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Dr. Freeman A. Hrabowski, III has served as President of UMBC (The University of Maryland, Baltimore County) since May, 1992.  His research and publications focus on science and math education, with special emphasis on minority participation and performance.  He currently chairs the National Academies’ Committee on Underrepresented Groups and the Science & Engineering Workforce Pipeline.

In 2008, he was named one of America’s Best Leaders by U.S. News & World Report, which in 2009 ranked UMBC the #1 “Up and Coming” university in the nation and fourth among all colleges and universities in the nation for commitment to undergraduate teaching.  In 2009, Time magazine named him one of America’s 10 Best College Presidents.

He serves as a consultant to the National Science Foundation, the National Institutes of Health, the National Academies, and universities and school systems nationally.  He also serves on the boards of the Alfred P. Sloan Foundation, France-Merrick Foundation, Marguerite Casey Foundation (Chair), The Urban Institute, the Constellation Energy Group, McCormick & Company, and the Baltimore Equitable Society.  He is a past member of the board of the Carnegie Foundation for the Advancement of Teaching and the Maryland Humanities Council (member and Chair). 

Examples of recent honors include election to the American Academy of Arts & Sciences and the American Philosophical Society; receiving the prestigious McGraw Prize in Education, the U.S. Presidential Award for Excellence in Science, Mathematics, and Engineering Mentoring, and the Columbia University Teachers College Medal for Distinguished Service; being named a Fellow of the American Association for the Advancement of Science and Marylander of the Year by the editors of the Baltimore Sun; and being listed among Fast Company magazine’s first Fast 50 Champions of Innovation in business and technology.  He also holds honorary degrees from more than a dozen institutions, including Princeton, Duke, Haverford College, the University of Michigan, Georgetown University, and Harvey Mudd College.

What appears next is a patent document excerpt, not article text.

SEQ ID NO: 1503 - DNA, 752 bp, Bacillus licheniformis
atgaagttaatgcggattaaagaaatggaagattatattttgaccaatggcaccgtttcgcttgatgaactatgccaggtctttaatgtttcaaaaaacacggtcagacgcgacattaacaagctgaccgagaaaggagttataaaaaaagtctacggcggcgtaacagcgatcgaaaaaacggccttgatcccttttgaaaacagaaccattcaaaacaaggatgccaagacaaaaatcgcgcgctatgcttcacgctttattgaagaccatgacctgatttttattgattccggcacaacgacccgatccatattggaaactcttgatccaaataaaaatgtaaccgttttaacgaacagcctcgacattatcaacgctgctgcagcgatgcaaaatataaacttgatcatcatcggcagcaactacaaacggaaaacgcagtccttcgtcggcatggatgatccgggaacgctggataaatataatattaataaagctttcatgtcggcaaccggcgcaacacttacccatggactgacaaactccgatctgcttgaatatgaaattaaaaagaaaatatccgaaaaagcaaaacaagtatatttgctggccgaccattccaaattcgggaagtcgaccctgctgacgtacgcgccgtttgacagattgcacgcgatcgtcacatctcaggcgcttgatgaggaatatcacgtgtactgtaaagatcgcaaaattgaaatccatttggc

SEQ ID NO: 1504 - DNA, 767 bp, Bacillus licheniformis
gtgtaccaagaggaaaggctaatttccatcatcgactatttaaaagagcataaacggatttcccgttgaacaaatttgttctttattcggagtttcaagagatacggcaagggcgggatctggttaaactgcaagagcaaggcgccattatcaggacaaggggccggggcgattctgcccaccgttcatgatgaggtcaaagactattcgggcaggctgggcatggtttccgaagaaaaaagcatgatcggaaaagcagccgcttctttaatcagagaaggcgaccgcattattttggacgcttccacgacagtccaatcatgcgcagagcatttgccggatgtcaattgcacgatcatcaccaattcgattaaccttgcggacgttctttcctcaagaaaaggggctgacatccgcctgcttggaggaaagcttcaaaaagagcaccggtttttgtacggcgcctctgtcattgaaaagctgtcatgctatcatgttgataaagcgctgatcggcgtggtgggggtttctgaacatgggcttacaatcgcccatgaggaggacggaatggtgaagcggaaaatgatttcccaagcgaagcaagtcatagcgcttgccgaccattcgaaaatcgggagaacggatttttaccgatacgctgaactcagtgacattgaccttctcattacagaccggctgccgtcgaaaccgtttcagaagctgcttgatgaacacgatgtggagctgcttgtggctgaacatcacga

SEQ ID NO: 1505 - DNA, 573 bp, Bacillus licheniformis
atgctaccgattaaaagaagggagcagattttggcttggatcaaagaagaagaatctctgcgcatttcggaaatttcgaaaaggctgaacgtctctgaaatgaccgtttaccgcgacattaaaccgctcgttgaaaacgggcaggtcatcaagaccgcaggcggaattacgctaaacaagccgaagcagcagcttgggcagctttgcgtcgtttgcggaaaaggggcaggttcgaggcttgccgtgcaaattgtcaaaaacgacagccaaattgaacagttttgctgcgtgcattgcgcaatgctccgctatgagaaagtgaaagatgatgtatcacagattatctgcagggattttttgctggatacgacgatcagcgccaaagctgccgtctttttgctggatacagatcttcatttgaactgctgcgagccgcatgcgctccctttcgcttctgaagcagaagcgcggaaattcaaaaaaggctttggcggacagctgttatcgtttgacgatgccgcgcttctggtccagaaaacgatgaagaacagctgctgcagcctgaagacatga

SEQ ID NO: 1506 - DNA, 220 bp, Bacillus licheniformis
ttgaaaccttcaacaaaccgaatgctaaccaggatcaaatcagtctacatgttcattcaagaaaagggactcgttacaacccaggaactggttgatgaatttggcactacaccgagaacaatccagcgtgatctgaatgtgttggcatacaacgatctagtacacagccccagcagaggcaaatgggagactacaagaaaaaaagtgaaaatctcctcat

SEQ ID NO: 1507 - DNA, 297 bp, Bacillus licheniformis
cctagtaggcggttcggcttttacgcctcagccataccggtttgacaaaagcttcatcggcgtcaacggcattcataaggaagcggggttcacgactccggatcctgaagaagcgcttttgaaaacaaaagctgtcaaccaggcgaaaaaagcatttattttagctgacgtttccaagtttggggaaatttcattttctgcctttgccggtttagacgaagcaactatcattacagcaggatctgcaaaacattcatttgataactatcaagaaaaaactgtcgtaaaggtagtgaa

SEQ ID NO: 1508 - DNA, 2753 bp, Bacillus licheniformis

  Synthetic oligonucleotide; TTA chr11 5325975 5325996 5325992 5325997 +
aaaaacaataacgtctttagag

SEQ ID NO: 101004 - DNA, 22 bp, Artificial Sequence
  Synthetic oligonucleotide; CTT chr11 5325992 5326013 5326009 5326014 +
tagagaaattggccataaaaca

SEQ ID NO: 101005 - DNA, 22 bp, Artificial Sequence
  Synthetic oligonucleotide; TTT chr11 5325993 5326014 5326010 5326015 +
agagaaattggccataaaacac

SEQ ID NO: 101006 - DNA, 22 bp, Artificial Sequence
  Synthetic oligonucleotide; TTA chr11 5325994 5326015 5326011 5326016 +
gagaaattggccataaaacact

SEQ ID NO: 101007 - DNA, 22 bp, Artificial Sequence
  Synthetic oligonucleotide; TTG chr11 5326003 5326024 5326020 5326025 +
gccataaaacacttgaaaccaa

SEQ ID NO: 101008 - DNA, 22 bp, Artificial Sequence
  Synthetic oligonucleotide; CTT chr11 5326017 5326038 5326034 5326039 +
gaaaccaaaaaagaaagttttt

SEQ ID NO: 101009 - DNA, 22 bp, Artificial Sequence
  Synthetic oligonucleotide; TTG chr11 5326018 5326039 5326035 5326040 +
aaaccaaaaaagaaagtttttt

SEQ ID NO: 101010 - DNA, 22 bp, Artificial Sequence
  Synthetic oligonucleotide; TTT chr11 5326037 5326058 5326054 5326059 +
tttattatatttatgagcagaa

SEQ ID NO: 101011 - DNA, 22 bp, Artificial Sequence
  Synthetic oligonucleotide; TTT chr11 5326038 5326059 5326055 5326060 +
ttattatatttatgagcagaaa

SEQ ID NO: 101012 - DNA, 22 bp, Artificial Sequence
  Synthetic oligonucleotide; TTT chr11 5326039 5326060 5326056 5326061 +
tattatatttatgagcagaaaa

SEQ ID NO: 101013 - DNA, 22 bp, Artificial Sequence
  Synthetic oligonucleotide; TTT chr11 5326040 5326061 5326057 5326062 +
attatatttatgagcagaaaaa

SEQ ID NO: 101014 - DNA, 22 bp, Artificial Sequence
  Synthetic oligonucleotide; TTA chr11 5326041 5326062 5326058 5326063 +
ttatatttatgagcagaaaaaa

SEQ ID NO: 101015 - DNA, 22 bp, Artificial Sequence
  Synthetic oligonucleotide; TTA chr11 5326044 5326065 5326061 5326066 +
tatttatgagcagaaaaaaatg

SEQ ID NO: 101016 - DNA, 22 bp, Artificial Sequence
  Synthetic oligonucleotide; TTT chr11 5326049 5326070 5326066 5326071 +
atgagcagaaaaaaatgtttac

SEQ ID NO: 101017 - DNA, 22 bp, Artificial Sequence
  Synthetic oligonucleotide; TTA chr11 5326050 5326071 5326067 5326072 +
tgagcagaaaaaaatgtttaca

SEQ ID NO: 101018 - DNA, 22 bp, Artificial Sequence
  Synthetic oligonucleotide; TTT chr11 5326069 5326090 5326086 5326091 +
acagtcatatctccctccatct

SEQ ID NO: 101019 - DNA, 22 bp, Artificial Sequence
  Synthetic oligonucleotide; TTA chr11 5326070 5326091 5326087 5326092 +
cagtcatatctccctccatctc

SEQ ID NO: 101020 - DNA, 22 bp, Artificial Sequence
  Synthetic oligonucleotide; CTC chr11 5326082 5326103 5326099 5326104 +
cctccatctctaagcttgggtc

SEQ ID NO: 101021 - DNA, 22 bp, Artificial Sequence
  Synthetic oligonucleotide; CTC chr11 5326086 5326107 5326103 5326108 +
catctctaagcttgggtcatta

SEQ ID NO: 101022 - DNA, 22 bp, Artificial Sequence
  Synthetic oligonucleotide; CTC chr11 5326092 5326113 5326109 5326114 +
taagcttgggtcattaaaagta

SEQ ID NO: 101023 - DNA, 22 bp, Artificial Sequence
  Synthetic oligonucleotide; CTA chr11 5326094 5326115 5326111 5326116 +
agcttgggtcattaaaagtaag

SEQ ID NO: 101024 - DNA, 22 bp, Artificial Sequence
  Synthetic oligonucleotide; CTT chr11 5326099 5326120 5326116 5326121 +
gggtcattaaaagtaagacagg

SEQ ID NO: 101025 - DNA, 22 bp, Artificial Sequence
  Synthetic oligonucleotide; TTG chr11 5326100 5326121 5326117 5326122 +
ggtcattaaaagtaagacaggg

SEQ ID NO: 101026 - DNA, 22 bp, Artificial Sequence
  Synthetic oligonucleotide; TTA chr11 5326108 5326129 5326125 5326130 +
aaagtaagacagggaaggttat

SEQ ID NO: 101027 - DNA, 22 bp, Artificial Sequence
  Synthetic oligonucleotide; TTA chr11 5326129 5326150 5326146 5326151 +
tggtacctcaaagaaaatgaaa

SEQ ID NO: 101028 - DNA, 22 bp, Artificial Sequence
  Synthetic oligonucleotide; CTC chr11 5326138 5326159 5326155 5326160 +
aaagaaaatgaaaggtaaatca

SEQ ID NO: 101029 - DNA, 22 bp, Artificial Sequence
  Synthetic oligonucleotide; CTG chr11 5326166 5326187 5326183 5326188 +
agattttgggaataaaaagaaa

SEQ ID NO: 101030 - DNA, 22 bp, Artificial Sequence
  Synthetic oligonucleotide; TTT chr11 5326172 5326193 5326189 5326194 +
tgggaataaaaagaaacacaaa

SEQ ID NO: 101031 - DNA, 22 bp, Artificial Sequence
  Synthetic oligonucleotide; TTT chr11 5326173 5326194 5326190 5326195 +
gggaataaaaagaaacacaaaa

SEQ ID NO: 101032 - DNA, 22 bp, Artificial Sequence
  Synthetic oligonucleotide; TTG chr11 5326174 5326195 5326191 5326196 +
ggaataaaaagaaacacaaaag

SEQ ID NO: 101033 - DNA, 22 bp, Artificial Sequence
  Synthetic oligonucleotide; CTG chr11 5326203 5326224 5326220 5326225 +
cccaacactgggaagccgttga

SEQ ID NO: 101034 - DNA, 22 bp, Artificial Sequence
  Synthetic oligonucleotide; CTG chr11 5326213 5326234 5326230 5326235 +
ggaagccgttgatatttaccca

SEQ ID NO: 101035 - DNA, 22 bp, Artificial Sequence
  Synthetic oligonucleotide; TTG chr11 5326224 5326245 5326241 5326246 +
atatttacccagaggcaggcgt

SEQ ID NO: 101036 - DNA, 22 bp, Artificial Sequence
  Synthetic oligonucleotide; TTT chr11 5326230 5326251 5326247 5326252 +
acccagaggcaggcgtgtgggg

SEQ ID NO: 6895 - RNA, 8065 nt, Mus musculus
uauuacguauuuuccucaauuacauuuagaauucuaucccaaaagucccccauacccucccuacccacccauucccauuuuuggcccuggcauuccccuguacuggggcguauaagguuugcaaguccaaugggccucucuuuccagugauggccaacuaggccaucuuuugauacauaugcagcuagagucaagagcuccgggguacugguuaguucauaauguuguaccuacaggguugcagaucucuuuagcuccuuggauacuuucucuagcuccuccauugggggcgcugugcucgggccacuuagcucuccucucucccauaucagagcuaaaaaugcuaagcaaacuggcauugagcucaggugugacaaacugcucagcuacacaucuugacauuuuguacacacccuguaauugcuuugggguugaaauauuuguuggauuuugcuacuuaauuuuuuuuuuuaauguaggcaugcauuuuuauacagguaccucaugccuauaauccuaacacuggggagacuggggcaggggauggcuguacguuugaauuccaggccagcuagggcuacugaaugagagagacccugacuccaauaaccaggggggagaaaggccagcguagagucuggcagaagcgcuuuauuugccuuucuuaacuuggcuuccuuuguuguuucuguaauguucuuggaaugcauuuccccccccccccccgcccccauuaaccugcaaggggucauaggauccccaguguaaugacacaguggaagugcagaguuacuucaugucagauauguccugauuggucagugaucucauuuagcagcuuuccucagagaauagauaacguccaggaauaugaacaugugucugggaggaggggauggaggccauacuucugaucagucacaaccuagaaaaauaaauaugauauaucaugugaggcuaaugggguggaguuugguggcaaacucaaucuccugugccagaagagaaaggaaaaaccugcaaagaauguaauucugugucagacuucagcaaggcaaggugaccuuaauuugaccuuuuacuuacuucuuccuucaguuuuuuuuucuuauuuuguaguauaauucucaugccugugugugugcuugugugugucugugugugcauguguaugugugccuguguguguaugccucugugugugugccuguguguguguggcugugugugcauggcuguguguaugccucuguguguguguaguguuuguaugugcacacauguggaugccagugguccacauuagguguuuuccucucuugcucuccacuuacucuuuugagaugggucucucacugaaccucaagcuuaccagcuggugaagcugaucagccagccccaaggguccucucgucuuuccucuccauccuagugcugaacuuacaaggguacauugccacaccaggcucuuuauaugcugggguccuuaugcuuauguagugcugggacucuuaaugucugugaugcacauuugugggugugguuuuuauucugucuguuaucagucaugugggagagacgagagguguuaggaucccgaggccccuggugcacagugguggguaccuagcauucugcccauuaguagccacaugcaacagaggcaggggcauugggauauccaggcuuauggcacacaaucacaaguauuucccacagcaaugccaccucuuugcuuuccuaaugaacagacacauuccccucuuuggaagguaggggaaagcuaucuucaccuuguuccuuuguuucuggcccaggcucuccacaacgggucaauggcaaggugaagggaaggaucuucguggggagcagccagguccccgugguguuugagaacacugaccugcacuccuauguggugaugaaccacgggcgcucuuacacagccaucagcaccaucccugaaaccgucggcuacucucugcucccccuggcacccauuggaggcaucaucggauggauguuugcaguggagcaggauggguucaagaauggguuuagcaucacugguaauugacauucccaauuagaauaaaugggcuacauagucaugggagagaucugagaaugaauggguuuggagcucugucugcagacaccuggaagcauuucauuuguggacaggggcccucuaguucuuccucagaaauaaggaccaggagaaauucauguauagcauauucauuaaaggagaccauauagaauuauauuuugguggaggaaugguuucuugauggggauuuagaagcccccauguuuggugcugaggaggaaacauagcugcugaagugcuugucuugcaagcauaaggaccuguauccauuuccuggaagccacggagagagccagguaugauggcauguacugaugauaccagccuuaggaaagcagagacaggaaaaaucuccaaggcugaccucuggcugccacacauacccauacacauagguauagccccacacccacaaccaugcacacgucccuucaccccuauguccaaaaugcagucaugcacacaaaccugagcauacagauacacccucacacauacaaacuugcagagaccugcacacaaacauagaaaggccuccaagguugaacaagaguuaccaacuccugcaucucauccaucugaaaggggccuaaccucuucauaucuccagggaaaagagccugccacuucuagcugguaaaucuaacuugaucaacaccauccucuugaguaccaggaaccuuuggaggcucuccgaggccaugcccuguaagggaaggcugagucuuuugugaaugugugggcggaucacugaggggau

With philanthropist Robert Meyerhoff, he co-founded the Meyerhoff Scholars Program in 1988.  The program is open to all high-achieving students committed to pursuing advanced degrees and research careers in science and engineering, and advancing minorities in these fields.  The program has become a national model, and based on program outcomes, Hrabowski has authored numerous articles and co-authored two books, Beating the Odds and Overcoming the Odds (Oxford University Press), focusing on parenting and high-achieving African American males and females in science.  Both books are used by universities, school systems, and community groups around the country.  

A child-leader in the Civil Rights Movement, Hrabowski was prominently featured in Spike Lee’s 1997 documentary, Four Little Girls, on the racially motivated bombing in 1963 of Birmingham’s Sixteenth Street Baptist Church.

Born in 1950 in Birmingham, Alabama, Hrabowski graduated at 19 from Hampton Institute with highest honors in mathematics.  At the University of Illinois at Urbana-Champaign, he received his M.A. (mathematics) and four years later his Ph.D. (higher education administration/statistics) at age 24.